Portland, Maine, Armenian Genocide Monument

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Subject:Dedicated to the survivors of the Armenian Genocide, 1915-1923, who settled in Bayside, Maine. (view image)
Type of Memorial:Commemorative Plaque, Inscription, Monumental Sculpture, Park
Sponsor(s):City of Portland Public Art Program, and the Portland Armenian Club
Architect/Designer/Artist:Alan Holt, Architect/Urban Designer
Placement:Free standing granite marker in a landscaped mini-plaza. It overlooks the Back Cove in the neighborhood that was the site of the Portland Armenian settlement.
Physical Setting:The granite marker is officially called the Armenian Monument. It sits in a small plaza with granite benches that is commonly referred to as the Armenian Plaza. It was the brainchild of two longtime local Armenian activists, the late Anthony (Andy) Mezoian and John Malconian, both of whose parents emigrated to Portland from Turkey in the early 20th century. The marker and plaza were officially dedicated in 2003.
Tourist Amenities:No
Physical Condition:Outstanding condition,new.
Inscription:"This memorial is dedicated to the survivors of the Armenian Genocide, 1915-1923, who settled in Bayside. By the early twentieth century over 250 Armenian families lived in Portland where they established businesses and a vibrant social life."

"IN REMEMBRANCE." (In English and Armenian)

Location:Portland, Maine 04101 United States
Location Description:On Cumberland Avenue between Franklin Arterial and Boyd Street.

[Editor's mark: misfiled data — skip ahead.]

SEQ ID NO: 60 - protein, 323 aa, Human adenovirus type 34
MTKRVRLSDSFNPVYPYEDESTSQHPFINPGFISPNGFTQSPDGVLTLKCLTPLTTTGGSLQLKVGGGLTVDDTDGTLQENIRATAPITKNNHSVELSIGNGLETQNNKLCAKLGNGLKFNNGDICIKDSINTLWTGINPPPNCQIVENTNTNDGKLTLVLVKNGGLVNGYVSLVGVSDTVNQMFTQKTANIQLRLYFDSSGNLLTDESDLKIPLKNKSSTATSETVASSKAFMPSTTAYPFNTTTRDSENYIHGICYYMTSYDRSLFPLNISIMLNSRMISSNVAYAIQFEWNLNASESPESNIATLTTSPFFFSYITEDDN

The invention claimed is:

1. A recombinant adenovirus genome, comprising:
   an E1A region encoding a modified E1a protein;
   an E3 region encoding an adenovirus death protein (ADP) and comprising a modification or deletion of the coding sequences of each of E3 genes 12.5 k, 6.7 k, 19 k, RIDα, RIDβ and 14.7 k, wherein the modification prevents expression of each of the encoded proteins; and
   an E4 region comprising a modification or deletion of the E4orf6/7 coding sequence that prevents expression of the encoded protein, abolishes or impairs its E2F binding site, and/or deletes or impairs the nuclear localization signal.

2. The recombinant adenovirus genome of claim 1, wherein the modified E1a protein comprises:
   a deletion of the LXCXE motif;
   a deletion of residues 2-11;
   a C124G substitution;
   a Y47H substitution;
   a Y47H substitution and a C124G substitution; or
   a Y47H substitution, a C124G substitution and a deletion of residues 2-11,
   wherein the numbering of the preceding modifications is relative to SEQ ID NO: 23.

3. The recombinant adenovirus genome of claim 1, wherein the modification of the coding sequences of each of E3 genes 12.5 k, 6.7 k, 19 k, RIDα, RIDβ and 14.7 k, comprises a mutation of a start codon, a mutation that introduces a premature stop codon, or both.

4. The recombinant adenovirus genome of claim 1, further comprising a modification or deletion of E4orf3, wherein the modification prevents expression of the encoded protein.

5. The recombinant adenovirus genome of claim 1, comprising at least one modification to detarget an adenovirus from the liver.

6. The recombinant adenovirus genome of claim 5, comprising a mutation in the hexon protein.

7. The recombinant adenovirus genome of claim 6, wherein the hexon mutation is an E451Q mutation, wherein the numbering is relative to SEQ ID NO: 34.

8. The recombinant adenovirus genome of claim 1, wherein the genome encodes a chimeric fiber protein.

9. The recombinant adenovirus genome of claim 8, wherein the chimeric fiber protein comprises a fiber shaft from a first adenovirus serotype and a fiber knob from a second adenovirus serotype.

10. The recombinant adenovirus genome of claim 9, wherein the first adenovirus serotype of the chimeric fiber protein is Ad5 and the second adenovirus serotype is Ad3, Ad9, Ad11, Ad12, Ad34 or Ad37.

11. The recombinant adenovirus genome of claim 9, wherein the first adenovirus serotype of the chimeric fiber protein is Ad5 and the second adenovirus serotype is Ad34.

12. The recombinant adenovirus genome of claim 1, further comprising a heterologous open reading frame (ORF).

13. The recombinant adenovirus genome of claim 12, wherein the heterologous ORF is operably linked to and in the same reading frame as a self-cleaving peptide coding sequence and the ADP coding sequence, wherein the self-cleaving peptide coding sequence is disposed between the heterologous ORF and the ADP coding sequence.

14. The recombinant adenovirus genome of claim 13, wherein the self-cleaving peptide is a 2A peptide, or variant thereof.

Web Site:www.portlandplanning.org/cbpubart.htm
Proposal Date:2002
Design Date:2003
Construction Began:2003
Construction Completed:2003
Dedication Date:July 26, 2003
Opening Date:July 26, 2003
Prior Use of Site:Vacant city parcel.
Development/Construction Process:In the summer of 2002, the Portland Armenian Club approached the City of Portland, requesting a site where they could place a plaque to commemorate the Portland Armenian settlement. The City’s urban designer took this opportunity to connect the Club with the Portland Public Art Committee to design an appropriate neighborhood marker. This project coincided with an initiative by the Public Art Committee to create Community-Based art projects. This Bayside Armenian Marker is the pilot project of the Community-Based arts initiative.

The inspiration of the marker is taken from the traditional Armenian Kar(carved stone). The City’s urban designer worked with the Portland Armenian Club to design a granite marker that will be based loosely on ancient Armenian tradition and iconography of creating carved stone markers. The marker contains text, giving some history of the Armenian people, their coming to Portland and their once flourishing community in Bayside.

History of Ownership:Owned by the City of Portland.
Notable Visitors:The speaker at the dedication included Congressman Tom Allen, July 26, 2003.

Click on an image for a detailed view.